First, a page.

Dr. Lincoln Brower shares his concerns:
"The scientific community is very disturbed by the sharp decline in the numbers of overwintering monarch butterflies in Mexico. When I first visited the Sierra Chincua Sanctuary in January 1977, the colony was 1.50 hectares in area. Until recently, Chincua always had one or more large colonies. This year it dropped to 0.02 hectares, a 98% drop from the 1.50 ha in 1977. Similarly catastrophically low numbers this year occurred in all but the Rosario colony.
"I have proposed that the normal huge number of monarchs somehow leave a chemical fingerprint on the Oyamel trees that the next year's butterflies sense to locate the area the following November. If this is true, so little chemical may be left behind by the current tiny colonies that next year's butterflies may not be able to sense their way back to the marked trees.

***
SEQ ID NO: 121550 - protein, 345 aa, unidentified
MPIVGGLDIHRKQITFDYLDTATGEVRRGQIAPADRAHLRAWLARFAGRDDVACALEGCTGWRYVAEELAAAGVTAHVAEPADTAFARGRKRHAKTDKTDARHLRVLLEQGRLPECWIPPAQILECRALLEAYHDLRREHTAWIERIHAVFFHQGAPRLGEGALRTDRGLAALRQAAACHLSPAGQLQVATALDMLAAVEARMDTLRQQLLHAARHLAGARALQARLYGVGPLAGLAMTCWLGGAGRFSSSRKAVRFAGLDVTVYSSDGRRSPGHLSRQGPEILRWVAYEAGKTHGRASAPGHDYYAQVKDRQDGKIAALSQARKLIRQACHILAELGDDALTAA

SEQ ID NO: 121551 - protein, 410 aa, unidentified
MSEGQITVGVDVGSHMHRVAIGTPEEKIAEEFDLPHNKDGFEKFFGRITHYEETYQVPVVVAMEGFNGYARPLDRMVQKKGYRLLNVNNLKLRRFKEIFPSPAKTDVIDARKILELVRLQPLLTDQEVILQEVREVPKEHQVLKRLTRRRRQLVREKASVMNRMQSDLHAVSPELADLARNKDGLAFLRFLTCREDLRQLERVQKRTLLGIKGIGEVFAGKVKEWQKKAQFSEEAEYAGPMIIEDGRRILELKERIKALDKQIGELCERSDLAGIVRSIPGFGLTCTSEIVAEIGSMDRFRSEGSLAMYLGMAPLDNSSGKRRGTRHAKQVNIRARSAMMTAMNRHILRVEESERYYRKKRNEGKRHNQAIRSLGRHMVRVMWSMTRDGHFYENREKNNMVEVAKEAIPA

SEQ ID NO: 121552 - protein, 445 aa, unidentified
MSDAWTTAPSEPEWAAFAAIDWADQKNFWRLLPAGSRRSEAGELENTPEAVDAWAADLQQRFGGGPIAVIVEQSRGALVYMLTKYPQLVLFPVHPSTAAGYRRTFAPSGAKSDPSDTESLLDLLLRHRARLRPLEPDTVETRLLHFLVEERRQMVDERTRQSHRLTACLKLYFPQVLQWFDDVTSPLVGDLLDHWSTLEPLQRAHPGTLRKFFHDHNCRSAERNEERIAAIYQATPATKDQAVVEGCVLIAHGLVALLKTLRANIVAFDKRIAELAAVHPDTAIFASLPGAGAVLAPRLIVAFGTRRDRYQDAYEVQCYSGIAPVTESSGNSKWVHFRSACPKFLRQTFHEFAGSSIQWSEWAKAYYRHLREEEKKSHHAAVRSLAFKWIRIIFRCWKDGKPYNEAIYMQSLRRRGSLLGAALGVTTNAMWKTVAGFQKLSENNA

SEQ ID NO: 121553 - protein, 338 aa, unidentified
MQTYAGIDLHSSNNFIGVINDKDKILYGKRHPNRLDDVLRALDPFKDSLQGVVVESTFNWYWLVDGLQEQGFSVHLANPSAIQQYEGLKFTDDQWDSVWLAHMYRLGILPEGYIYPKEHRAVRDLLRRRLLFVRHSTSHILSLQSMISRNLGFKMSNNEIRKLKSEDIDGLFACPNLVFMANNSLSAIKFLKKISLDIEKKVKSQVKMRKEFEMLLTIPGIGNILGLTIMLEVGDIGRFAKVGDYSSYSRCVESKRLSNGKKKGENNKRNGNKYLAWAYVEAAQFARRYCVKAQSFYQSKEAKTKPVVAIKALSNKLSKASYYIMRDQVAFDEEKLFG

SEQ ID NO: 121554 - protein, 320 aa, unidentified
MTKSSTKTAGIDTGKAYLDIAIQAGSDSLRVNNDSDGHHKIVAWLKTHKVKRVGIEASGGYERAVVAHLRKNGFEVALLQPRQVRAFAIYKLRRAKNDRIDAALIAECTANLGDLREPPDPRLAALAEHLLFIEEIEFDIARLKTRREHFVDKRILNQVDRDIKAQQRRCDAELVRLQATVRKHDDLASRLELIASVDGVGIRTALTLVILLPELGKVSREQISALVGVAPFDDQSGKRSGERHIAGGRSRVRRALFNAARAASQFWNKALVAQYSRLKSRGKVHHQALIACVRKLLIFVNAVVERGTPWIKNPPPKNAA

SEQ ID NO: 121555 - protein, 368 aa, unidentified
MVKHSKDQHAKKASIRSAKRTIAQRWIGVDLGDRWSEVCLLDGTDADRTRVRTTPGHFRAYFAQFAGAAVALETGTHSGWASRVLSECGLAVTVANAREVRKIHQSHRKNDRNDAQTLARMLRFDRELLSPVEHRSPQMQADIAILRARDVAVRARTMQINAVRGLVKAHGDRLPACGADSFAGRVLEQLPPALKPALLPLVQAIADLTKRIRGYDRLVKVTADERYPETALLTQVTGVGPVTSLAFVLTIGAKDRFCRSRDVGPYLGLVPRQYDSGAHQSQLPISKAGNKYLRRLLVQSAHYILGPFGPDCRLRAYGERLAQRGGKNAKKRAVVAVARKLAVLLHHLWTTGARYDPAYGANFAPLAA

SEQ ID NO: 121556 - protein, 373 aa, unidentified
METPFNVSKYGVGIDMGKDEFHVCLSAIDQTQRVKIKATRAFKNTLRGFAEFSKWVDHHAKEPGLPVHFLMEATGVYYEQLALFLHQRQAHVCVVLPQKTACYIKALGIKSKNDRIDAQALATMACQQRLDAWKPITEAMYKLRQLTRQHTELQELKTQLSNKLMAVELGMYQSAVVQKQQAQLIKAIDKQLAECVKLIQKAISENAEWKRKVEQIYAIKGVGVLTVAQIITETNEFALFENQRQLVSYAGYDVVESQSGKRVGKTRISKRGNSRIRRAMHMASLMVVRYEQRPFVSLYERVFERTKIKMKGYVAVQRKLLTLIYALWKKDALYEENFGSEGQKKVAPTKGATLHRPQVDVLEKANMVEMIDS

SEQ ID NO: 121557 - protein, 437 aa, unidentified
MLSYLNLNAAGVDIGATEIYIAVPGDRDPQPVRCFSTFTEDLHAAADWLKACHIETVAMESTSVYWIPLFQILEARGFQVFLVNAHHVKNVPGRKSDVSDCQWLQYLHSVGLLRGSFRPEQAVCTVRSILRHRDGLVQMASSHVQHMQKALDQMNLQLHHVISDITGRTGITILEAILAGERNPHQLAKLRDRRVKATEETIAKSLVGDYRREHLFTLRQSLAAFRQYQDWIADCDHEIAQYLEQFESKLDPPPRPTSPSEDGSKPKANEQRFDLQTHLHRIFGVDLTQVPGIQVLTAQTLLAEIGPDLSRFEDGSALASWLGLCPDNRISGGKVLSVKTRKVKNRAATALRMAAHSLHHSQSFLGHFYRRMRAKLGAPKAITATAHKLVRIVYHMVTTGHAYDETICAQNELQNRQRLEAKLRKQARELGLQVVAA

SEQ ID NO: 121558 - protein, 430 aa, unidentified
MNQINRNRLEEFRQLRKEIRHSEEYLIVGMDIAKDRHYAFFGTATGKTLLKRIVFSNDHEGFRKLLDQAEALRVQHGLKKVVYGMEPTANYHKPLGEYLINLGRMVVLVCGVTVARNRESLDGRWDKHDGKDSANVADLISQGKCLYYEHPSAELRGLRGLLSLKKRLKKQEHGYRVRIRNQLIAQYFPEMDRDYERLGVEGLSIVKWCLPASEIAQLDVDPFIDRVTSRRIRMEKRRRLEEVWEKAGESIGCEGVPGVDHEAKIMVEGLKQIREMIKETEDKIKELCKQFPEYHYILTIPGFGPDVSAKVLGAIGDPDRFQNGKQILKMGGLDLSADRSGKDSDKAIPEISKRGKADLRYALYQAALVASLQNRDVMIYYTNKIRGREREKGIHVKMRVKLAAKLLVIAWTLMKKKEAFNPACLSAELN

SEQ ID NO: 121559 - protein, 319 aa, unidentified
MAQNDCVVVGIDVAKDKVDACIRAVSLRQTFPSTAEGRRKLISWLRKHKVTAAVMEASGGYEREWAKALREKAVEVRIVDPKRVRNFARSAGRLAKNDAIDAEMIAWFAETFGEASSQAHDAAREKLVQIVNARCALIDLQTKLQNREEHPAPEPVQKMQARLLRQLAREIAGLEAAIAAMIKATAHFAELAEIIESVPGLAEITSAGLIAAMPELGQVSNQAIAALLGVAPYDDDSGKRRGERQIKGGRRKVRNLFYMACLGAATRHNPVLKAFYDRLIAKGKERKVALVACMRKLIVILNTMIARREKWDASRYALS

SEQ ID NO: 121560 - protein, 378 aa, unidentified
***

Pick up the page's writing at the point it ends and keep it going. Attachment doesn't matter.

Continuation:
"The evidence we have strongly points to one main cause of this decline: the current soybean and corn crops are genetically engineered to tolerate heavy doses of herbicide that kills all competing plants, including milkweeds. Growing virtually unlimited genetically modified plants doused with poisonous herbicides is starving the rest of nature's food chains, including that of our beloved monarch butterfly as well as pollinating insects in general."
- Journal: What do the pie charts reveal about monarch distribution?